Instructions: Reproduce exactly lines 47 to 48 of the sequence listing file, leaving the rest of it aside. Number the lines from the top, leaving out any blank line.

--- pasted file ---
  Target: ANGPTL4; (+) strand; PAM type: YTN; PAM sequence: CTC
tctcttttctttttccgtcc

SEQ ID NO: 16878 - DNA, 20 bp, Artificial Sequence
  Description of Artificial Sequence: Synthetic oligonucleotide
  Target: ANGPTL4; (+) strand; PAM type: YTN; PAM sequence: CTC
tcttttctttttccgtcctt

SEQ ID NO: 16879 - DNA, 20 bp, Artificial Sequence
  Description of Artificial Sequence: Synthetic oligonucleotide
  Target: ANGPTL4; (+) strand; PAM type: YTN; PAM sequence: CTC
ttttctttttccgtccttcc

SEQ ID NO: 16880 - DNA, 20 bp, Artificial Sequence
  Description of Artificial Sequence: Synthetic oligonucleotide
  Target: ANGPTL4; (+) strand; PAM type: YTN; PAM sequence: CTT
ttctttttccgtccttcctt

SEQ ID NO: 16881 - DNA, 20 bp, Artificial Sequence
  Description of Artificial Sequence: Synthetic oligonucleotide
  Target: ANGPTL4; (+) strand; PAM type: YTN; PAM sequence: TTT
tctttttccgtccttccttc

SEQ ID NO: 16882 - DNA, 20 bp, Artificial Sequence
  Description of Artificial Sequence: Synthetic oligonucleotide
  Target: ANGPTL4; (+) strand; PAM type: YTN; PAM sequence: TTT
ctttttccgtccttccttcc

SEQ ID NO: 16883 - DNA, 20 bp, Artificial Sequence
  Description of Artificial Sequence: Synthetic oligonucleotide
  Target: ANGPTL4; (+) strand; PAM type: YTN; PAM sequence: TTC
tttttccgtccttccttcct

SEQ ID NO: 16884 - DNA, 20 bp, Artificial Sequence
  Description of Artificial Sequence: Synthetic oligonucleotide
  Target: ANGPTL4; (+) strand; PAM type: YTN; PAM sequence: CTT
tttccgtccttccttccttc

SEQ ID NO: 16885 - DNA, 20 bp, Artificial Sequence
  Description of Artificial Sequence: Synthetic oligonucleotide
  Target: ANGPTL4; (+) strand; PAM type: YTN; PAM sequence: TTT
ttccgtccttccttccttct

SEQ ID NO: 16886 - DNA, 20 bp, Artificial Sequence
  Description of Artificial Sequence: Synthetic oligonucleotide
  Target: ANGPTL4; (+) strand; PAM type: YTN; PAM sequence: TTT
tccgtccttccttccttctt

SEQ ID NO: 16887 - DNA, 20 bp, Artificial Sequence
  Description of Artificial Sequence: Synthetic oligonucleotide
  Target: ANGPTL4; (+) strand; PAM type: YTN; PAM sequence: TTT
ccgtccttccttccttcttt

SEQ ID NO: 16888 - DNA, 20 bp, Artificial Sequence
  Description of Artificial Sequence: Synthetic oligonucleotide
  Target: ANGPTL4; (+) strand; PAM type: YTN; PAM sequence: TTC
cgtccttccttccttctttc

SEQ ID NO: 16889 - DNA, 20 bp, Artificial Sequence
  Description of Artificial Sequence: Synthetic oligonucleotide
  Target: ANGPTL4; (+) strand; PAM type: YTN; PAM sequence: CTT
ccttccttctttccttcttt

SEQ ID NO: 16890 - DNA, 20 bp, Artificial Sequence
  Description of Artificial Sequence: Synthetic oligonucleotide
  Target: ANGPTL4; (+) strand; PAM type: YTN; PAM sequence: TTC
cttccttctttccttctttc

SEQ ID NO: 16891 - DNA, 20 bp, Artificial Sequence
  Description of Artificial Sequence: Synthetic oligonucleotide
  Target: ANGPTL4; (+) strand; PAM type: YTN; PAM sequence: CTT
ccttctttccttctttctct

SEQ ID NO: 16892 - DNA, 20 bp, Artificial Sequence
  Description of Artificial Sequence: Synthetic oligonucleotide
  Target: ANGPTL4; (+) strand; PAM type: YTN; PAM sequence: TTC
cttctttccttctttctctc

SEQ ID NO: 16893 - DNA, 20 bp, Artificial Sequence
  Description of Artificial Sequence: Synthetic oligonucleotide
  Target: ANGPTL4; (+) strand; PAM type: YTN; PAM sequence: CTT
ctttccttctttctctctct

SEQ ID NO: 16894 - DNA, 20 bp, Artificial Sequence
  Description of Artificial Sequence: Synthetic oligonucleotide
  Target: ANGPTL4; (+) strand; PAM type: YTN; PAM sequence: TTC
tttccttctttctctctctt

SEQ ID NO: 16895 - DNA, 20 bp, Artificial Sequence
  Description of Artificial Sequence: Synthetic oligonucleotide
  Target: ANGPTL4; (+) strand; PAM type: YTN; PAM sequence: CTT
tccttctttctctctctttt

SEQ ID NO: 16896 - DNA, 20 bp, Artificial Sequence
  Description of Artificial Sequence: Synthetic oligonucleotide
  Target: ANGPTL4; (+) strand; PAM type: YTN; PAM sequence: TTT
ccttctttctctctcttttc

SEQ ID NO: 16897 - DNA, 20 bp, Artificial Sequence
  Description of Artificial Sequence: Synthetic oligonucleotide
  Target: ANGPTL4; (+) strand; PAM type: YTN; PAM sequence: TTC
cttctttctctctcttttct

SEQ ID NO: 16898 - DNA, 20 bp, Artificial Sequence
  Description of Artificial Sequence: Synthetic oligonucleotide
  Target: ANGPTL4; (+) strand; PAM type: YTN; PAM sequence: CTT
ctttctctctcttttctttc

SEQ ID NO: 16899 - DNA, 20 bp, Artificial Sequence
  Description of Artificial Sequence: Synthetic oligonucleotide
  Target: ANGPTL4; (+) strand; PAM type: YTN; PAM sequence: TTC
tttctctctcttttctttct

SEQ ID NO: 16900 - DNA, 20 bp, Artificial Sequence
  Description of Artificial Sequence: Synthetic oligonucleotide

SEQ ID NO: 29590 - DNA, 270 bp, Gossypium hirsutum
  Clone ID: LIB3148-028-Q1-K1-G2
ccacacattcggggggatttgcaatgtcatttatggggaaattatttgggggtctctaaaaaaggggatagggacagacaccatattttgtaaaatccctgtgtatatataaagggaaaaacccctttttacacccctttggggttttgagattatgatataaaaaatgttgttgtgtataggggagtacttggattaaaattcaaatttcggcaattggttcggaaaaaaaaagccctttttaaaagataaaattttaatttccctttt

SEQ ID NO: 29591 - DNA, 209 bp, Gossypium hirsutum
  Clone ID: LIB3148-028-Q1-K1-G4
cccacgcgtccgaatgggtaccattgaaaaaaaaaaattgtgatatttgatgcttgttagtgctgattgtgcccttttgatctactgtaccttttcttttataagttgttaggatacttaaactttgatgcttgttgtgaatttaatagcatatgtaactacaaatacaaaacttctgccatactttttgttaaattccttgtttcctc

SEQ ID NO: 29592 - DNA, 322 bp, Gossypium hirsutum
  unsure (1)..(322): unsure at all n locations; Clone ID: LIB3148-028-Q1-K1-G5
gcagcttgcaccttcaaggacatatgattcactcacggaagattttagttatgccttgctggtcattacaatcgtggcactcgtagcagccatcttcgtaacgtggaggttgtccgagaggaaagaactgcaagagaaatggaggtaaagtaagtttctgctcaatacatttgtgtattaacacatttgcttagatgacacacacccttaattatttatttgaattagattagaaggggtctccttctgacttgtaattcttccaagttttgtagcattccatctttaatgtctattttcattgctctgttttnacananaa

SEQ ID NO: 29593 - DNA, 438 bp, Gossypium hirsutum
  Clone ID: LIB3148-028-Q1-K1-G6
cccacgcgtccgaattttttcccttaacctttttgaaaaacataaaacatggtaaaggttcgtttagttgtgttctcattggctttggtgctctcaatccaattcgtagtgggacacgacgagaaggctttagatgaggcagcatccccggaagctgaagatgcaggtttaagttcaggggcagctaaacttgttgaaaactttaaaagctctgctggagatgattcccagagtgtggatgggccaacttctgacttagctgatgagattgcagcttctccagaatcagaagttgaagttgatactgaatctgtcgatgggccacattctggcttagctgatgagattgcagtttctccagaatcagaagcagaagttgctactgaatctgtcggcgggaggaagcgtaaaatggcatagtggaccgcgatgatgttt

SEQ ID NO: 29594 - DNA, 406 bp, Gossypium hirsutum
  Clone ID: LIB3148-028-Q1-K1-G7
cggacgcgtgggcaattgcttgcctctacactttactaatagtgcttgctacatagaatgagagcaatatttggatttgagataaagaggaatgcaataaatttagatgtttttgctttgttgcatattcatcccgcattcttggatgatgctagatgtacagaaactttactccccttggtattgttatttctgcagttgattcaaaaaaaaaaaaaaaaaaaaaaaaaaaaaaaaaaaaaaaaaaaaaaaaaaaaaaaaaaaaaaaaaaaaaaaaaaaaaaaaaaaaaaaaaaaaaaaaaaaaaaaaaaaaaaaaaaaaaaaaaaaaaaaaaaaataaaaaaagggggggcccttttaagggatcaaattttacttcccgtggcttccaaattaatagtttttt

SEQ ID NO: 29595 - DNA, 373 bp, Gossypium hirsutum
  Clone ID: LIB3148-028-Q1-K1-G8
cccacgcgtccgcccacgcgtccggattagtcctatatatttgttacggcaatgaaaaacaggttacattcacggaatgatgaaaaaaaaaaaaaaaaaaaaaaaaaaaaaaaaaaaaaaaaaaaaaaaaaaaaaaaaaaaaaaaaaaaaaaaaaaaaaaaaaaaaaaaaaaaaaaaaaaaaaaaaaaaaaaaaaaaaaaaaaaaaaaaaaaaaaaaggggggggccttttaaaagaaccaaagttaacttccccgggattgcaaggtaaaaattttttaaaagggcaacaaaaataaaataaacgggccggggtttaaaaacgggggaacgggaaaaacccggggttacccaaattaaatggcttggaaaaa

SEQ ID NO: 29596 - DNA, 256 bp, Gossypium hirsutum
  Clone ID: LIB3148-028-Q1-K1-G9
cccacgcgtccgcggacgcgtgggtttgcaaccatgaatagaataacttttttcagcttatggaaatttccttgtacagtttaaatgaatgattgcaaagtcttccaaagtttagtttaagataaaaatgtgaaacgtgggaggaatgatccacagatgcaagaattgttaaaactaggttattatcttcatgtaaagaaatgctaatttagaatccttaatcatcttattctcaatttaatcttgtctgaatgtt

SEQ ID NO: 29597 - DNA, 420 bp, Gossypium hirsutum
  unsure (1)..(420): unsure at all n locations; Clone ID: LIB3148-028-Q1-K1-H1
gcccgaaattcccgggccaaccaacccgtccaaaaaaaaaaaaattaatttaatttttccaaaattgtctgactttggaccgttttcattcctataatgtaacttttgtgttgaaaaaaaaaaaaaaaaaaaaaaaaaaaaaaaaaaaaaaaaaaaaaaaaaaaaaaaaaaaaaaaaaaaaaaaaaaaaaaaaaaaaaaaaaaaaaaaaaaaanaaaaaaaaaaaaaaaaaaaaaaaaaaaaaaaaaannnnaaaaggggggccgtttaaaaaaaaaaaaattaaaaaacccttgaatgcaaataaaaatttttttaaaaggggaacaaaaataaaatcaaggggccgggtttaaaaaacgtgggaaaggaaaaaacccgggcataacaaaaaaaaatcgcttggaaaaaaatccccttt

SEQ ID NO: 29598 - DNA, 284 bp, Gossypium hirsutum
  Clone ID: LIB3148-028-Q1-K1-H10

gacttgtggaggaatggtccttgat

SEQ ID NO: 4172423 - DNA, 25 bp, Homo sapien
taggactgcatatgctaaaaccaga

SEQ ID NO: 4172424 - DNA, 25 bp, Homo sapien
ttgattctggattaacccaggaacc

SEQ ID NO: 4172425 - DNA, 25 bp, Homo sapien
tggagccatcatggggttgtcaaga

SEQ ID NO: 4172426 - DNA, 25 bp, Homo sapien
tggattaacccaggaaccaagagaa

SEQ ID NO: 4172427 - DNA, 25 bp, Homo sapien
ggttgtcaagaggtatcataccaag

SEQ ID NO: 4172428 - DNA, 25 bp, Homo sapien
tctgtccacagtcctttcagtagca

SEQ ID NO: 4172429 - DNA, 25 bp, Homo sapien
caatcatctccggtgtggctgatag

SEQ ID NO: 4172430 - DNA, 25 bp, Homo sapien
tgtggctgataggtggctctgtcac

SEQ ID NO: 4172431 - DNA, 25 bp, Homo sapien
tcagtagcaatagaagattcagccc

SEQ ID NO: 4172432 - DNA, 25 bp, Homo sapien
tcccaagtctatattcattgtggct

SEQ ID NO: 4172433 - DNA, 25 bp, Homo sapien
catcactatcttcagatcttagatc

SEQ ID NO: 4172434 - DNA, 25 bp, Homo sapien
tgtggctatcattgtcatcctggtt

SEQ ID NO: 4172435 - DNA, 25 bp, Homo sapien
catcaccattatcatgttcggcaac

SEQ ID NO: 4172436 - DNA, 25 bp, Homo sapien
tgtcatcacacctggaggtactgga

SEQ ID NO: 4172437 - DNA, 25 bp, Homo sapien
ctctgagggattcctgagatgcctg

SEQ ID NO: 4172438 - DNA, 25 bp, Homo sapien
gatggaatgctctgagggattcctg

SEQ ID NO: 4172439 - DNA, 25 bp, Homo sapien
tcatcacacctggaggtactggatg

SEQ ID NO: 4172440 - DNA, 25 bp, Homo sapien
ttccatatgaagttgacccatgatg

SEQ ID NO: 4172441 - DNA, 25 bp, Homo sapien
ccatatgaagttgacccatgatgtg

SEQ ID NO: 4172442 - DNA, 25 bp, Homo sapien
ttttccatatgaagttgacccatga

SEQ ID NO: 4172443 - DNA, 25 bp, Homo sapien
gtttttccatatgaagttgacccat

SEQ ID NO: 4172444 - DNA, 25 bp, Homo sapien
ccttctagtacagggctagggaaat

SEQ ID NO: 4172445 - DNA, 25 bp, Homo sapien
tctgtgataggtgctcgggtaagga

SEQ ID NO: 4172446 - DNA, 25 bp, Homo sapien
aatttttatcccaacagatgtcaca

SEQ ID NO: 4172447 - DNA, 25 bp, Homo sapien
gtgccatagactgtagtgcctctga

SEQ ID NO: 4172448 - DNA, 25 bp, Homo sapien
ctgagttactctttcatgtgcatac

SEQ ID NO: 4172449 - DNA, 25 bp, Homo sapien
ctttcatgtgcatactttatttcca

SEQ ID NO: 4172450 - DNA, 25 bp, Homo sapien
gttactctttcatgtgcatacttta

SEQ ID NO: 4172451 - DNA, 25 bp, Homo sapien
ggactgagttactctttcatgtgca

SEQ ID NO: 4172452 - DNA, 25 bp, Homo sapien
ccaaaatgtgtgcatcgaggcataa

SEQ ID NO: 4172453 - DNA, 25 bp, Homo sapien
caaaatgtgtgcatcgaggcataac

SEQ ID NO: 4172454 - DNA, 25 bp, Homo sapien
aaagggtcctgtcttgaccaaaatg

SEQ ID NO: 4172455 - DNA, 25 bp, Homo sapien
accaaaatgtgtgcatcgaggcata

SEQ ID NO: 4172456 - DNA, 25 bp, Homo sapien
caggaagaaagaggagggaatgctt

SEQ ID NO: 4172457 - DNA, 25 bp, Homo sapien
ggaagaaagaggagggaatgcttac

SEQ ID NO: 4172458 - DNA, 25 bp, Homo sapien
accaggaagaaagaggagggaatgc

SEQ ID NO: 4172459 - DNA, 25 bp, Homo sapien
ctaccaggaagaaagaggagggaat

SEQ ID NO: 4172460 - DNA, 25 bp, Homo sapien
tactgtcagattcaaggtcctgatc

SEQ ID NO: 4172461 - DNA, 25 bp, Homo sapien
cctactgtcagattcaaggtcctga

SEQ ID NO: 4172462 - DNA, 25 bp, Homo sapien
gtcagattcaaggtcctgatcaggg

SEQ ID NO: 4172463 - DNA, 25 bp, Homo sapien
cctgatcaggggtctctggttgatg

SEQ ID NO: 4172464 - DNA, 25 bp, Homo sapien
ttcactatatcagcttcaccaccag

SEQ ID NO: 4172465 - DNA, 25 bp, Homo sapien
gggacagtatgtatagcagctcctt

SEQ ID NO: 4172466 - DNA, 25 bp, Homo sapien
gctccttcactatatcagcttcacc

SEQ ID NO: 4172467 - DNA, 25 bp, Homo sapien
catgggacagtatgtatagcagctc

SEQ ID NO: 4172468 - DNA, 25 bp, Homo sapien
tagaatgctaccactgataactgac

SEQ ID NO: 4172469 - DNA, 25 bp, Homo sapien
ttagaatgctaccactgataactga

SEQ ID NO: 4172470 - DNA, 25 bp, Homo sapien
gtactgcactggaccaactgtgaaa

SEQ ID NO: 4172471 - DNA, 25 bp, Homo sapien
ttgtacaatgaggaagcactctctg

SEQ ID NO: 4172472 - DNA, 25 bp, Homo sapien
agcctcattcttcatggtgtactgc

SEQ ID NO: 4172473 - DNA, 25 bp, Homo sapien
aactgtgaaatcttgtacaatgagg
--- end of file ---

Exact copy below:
SEQ ID NO: 16889 - DNA, 20 bp, Artificial Sequence
  Description of Artificial Sequence: Synthetic oligonucleotide